What will happen to Assange on Wednesday?

Posted: May 28, 2012 in Uncategorized


Wednesday marks an important day this week. That is when the Supreme Court hands down its judgment in the now infamous case of Mr Julian Assange. Now people are asking: what will happen in this case? If the Supreme Court rules in Assange’s favour, where will he go? On the other hand, if Assange loses, will he be immediately extradited to Sweden?

This is what most likely will happen:

In the case of winning, Mr Assange will immediately board a flight to Australia. This is because even if he wins it doesn’t necessarily mean that Sweden will withdraw the European Arrest Warrant (EAW) on him. If the EAW remains in force, Assange would face the risk of arrest if entering any other European country. On the other hand, Assange is more than afraid of an extradition request by the USA being filed. Australia, his homeland, would be the best bet for him. However, by no means is Australia to be considered a safe haven for Assange, although his strategy appears to have been to create a favourable atmosphere for him over there. Indeed, if USA would file an extradition request to Australia, the seriousness of the allegations would most likely place Mr Assange into prison for years. As it turns out, in Australia a fully exhausted appeal path against extradition could drag on for approximately 7 years. While bail is always a possibility, it is rarely used due to a very difficult applicable test commonly referred to as Cabal.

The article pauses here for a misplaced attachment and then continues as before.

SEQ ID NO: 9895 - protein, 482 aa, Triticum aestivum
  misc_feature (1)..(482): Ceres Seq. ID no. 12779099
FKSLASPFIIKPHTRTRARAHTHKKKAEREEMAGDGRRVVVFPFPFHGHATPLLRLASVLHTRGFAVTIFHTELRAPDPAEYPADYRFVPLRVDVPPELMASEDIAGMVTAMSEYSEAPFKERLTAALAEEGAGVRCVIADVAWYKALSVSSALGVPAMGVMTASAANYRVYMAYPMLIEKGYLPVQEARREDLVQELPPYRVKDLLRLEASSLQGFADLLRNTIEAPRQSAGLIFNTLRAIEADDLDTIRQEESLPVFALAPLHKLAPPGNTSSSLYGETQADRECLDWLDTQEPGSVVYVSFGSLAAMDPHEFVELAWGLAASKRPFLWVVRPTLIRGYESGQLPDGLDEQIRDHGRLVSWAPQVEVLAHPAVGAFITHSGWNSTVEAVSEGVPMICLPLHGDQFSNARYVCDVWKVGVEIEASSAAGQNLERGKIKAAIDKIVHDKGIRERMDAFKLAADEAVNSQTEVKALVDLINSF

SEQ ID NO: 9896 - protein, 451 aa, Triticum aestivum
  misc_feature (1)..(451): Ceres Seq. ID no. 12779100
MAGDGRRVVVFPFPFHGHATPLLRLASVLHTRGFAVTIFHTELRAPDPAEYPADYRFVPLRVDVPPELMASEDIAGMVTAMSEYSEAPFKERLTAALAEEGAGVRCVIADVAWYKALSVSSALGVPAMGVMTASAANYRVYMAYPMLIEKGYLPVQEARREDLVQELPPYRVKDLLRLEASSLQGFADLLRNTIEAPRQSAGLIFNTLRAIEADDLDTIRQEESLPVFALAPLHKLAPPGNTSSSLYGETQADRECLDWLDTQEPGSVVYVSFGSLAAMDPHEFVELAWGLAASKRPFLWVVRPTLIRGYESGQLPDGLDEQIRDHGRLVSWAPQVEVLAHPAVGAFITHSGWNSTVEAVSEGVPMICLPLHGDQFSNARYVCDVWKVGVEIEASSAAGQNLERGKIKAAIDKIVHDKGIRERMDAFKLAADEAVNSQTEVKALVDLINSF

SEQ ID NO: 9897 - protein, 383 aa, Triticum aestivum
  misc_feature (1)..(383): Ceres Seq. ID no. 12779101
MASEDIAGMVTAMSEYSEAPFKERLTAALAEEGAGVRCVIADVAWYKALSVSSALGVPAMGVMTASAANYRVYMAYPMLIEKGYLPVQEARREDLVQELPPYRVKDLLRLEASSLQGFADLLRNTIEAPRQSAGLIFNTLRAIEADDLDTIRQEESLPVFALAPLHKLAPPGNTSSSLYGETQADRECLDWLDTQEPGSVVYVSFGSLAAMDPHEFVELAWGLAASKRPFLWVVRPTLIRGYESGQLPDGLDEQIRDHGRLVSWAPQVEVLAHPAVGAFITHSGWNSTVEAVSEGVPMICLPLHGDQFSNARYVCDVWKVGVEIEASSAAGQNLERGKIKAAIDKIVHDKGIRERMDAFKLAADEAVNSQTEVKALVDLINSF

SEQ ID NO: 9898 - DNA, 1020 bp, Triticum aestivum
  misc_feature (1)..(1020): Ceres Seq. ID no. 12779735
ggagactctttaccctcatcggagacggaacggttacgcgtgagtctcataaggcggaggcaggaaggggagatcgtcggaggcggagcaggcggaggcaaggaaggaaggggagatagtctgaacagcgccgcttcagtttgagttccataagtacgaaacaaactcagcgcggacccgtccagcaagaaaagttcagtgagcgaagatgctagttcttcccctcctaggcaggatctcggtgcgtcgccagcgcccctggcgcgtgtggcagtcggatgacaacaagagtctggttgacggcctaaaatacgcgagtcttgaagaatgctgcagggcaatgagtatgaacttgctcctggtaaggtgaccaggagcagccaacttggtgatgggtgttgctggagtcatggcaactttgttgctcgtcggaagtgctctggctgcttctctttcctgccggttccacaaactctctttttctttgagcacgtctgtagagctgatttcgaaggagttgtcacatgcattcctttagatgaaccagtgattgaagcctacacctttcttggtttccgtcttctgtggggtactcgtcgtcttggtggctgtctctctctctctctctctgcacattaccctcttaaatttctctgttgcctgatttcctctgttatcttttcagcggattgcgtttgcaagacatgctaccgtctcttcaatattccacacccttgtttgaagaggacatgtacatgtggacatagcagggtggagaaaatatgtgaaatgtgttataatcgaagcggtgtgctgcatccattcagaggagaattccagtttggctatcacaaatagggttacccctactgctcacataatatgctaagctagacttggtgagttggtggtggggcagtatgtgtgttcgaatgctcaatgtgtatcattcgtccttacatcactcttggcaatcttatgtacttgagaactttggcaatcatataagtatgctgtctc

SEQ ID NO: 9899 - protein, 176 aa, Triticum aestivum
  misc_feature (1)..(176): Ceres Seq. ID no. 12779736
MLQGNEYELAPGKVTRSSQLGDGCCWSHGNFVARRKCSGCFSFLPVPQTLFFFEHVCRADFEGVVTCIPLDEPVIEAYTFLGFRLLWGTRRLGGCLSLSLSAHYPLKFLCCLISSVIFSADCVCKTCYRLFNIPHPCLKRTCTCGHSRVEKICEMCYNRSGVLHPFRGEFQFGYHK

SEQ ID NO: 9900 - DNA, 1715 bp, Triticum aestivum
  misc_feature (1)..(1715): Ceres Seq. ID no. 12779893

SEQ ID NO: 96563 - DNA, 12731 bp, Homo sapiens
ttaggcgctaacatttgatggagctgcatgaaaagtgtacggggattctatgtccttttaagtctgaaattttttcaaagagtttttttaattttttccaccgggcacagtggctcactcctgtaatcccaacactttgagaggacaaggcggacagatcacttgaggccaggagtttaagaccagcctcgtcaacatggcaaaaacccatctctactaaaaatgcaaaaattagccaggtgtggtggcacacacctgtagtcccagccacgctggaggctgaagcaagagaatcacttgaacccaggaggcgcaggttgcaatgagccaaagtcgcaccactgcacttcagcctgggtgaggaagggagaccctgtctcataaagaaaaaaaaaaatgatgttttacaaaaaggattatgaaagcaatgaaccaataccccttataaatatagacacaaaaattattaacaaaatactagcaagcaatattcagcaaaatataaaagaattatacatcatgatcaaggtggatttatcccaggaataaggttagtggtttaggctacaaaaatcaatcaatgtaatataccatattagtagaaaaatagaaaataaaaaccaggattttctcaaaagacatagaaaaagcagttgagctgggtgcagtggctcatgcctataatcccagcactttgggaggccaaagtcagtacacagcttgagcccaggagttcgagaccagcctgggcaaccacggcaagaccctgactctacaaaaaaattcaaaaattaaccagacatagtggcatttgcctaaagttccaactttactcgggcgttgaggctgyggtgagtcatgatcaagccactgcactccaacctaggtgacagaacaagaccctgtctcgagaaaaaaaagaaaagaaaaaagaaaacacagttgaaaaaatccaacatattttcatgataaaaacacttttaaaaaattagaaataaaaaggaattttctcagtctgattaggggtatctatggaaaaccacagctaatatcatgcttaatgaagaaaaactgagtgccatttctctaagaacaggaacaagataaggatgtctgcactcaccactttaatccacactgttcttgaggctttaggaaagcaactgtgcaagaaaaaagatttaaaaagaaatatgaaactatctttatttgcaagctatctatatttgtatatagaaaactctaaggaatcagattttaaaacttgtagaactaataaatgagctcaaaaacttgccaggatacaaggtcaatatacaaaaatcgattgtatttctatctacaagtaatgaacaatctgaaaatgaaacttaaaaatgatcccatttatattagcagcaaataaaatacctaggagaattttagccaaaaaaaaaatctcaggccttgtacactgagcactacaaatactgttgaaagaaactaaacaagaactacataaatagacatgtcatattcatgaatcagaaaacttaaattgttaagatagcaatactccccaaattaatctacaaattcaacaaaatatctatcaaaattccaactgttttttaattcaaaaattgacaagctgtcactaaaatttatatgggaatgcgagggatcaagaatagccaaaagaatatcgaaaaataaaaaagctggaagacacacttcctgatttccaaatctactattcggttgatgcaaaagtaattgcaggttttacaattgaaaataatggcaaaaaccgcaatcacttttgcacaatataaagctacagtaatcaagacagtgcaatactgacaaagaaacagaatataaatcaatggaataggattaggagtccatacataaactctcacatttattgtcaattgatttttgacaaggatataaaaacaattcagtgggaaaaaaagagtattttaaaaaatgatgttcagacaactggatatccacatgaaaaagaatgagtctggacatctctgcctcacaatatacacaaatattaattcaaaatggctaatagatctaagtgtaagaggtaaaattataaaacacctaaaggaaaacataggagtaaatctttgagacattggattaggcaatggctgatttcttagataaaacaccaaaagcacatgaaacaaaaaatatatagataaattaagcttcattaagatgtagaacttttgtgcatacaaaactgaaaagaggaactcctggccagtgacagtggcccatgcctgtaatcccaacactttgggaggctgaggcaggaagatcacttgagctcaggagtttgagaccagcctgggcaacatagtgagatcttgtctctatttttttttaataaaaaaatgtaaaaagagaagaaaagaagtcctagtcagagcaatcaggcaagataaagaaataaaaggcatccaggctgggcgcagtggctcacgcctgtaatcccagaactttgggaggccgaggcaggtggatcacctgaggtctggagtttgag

On the other hand, if Assange loses, his legal team will file an urgent application for interim measures under Rule 39 of the European Court of Human Rights (ECHR) to prevent his extradition pending appeal. Based on Assange’s behaviour so far, it is reasonable to expect that he will appeal to the ECHR. While Rule 39 is commonly used in deportation and extradition cases to prevent irreversible damage, it is never used lightly. If ECHR would grant the sought measures, it could stop Assange’s extradition until the final judgment in his appeal is handed down. In Abu Hamza’s case the use of Rule 39 caused a delay of 2 years. 

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